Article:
Coming on the heels of the approval of the contract with Fillmore County was a letter sent to the City Council from Ambulance Director Jim Cooper. He stated, “Our scheduling problems have continued to grow.” He cites the fact that they have 25 people on the roster, 15 who work out of town, and eight who live out of town.

“Our current EMT classes will only have one person who lives in town and one person who lives out of town.” Cooper is proposing a First Responders course to fill in the times 6:00 AM and 9:00 AM and in the afternoons from 3:00 to 6:00. The training for the course is approximately 60 hours and there is a “much easier examination process.”

The council approved Cooper’s request to train and hire four first responders.

Mark McBroom of Chatfield sent a letter to the council offering to sell a piece of property adjacent to the city’s property. The legal description of the property is “CC THAYER & COS ADDITION LOT-004 W 13 ¼ R OF LOT 4 CC &CO ADD.” It is situated north of Park in SW Spring Valley near the creek. McBroom offered to sell his lot to the city for $3,000.00. Under current policy, the City is restricted to the assessed value of $1,300. A motion was made to make the counter offer of $1,300.00.

Librarian Dianne Swenson-Sikkink presented numbers to the Council on use of the library. In 2012 there were 31,011 users and 2,695 borrowers. 1,435 came from the City and 1,112 from the County. The number of e-book checkouts was placed at 1,443. Computer use is at 7,317, 4,325 from the city and 2,168 from the county. 824 visitors made stops to the library. A look at the county numbers indicated heavy useage of checkouts of city and rural residents at 222,671.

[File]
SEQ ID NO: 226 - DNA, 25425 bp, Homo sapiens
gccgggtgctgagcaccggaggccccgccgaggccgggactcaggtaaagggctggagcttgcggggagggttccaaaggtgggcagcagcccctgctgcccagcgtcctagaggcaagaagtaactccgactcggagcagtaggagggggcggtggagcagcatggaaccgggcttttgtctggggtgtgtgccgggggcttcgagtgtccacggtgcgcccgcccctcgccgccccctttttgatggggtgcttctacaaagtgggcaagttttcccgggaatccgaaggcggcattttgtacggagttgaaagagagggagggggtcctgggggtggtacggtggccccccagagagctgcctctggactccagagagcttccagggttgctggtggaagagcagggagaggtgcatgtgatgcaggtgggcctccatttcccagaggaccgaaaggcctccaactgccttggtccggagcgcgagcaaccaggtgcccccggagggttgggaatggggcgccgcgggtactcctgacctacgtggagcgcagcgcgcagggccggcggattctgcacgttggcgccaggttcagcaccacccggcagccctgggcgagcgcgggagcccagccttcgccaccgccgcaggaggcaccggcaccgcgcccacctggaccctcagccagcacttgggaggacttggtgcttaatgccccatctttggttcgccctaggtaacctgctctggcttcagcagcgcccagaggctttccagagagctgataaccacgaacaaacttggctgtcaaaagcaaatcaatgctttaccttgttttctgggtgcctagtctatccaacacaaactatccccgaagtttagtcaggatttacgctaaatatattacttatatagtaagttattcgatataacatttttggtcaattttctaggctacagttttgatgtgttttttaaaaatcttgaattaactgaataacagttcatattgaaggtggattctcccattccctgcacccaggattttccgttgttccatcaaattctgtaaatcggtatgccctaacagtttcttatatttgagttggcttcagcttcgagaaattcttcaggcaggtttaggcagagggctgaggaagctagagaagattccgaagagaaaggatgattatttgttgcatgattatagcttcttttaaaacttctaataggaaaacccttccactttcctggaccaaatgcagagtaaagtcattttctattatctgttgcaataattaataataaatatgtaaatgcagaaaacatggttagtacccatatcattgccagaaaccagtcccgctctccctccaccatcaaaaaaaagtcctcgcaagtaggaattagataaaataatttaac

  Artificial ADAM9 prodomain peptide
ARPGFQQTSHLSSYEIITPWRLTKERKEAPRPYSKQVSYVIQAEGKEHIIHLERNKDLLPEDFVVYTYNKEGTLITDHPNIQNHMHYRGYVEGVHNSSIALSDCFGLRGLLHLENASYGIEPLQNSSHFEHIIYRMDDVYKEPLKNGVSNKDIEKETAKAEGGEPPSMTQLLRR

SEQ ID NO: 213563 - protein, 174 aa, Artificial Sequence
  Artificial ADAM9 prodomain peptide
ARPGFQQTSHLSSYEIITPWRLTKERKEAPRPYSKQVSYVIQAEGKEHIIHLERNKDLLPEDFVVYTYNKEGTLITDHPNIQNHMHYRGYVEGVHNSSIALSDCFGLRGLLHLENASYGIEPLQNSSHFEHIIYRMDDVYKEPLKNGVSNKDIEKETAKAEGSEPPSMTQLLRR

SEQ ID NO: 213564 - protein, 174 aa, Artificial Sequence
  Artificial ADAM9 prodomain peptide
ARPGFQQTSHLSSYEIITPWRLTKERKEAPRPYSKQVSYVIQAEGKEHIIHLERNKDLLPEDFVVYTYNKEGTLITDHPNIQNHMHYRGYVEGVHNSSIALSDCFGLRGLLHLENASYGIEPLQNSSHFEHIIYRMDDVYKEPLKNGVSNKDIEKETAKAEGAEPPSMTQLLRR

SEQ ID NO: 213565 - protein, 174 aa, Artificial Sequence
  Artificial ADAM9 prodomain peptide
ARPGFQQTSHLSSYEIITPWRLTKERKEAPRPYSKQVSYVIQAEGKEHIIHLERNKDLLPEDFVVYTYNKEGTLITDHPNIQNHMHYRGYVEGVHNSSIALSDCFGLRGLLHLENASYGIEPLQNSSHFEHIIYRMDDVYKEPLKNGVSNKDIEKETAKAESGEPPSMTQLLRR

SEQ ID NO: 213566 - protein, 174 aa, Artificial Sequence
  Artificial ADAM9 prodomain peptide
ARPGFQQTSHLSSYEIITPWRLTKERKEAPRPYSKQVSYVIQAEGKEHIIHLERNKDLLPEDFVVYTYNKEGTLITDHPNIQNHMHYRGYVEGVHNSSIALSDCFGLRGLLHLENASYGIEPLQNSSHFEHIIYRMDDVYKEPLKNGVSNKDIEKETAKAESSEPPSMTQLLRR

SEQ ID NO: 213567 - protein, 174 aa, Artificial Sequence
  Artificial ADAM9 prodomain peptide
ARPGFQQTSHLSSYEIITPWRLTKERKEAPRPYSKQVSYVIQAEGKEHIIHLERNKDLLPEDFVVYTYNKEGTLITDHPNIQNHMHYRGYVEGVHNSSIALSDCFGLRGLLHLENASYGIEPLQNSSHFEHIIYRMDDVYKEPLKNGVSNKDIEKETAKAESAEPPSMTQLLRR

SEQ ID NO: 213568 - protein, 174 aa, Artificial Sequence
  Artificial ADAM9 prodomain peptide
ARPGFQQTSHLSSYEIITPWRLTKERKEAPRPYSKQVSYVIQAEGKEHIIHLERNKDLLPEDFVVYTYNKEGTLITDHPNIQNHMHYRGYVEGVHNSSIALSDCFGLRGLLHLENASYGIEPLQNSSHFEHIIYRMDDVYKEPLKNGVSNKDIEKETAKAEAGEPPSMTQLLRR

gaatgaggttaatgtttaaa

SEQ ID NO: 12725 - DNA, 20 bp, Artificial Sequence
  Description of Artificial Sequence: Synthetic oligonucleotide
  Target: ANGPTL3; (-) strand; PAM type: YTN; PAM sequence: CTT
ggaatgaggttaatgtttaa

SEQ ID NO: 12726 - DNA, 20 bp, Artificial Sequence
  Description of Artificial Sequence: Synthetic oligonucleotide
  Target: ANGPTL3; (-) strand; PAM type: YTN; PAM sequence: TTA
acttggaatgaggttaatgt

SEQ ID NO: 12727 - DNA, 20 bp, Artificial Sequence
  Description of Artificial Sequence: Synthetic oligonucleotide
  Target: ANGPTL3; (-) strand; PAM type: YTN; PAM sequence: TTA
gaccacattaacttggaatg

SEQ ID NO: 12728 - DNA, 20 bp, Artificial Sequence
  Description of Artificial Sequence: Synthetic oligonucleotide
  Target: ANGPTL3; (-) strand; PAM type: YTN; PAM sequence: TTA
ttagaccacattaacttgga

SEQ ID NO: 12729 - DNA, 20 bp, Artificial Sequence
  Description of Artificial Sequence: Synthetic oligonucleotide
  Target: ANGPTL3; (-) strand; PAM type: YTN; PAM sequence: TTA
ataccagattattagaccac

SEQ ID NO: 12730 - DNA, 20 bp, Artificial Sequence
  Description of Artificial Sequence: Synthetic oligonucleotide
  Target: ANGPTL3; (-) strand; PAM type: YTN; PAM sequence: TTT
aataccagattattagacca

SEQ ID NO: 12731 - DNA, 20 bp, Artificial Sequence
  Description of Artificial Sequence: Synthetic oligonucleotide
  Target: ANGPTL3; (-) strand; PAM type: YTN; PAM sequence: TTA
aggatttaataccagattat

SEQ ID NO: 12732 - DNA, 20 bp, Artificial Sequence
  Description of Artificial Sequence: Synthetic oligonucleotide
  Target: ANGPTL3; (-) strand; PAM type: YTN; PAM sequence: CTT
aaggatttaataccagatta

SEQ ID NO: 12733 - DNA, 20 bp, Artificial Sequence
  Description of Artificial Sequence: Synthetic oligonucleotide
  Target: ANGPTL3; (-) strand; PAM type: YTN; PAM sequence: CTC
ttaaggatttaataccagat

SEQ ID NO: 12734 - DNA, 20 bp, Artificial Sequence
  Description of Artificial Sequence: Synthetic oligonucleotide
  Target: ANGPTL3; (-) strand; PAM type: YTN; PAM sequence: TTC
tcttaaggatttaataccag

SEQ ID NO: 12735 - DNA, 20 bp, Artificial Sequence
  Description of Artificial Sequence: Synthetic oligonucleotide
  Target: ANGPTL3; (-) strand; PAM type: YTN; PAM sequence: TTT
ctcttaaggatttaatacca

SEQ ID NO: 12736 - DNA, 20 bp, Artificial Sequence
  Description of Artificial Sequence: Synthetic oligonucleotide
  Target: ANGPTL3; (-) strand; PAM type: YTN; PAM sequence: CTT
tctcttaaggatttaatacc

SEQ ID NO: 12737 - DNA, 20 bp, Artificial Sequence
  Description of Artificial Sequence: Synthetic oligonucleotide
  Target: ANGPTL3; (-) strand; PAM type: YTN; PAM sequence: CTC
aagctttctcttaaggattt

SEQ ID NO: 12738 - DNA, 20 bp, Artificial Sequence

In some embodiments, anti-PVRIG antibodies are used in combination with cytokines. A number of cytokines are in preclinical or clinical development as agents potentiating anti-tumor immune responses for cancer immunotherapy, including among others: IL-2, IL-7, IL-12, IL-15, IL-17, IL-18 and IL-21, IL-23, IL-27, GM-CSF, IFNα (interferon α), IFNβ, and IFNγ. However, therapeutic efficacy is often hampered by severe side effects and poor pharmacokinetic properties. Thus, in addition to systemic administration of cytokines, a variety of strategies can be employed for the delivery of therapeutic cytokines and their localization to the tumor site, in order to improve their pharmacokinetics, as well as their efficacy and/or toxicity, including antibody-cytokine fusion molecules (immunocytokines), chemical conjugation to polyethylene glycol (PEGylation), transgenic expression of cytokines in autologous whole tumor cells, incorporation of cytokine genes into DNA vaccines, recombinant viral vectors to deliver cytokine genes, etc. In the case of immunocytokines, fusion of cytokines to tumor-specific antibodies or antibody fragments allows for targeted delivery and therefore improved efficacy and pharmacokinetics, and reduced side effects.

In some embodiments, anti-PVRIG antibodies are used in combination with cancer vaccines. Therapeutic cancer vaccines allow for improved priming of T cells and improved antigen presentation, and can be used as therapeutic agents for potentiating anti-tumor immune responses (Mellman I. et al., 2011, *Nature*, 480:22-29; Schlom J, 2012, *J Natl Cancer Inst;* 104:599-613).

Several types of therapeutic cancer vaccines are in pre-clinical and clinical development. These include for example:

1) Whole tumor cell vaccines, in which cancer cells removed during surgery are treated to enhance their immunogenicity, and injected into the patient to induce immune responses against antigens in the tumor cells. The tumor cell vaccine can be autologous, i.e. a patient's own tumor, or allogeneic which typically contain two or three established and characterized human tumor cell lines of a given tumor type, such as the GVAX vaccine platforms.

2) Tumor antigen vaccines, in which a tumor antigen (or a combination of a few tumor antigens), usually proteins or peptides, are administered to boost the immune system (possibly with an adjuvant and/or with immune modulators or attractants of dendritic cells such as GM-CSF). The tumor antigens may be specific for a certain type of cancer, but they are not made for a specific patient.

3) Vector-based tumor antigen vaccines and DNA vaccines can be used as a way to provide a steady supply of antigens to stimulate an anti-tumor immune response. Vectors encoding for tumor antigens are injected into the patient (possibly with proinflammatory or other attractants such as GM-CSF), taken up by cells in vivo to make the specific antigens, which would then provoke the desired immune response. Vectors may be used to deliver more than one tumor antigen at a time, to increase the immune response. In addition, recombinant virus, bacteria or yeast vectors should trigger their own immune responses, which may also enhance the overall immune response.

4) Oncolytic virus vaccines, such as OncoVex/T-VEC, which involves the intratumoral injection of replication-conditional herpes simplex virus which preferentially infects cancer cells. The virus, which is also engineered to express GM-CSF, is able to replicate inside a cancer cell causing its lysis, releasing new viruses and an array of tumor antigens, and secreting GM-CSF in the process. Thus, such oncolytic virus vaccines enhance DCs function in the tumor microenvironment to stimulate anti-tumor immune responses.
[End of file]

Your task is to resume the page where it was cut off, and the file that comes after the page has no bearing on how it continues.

Robert Howard has a piece of property at 100 S. Washington in Spring Valley. It’s right next door to the Historical Society and it has been “an eye sore” according to City Administrator Deb Zimmer, and was recently torn down. Howard had approached the council to see if he could replace the garage at its current location within the next five-year time period. According to Zimmer, he could have rebuilt it if he would have left part of it standing. The council approved the five-year window in rebuilding the garage but will need approval on the project.

“You thought raising chickens in the city limits was going to be an easy task, didn’t you? Well, there has to be some regulation to keep in the tradition of ‘red tape.’”

The city council will be holding a public hearing on the proposed Chicken Ordinance. I thought you would enjoy refreshing your memory on what all the clucking is about.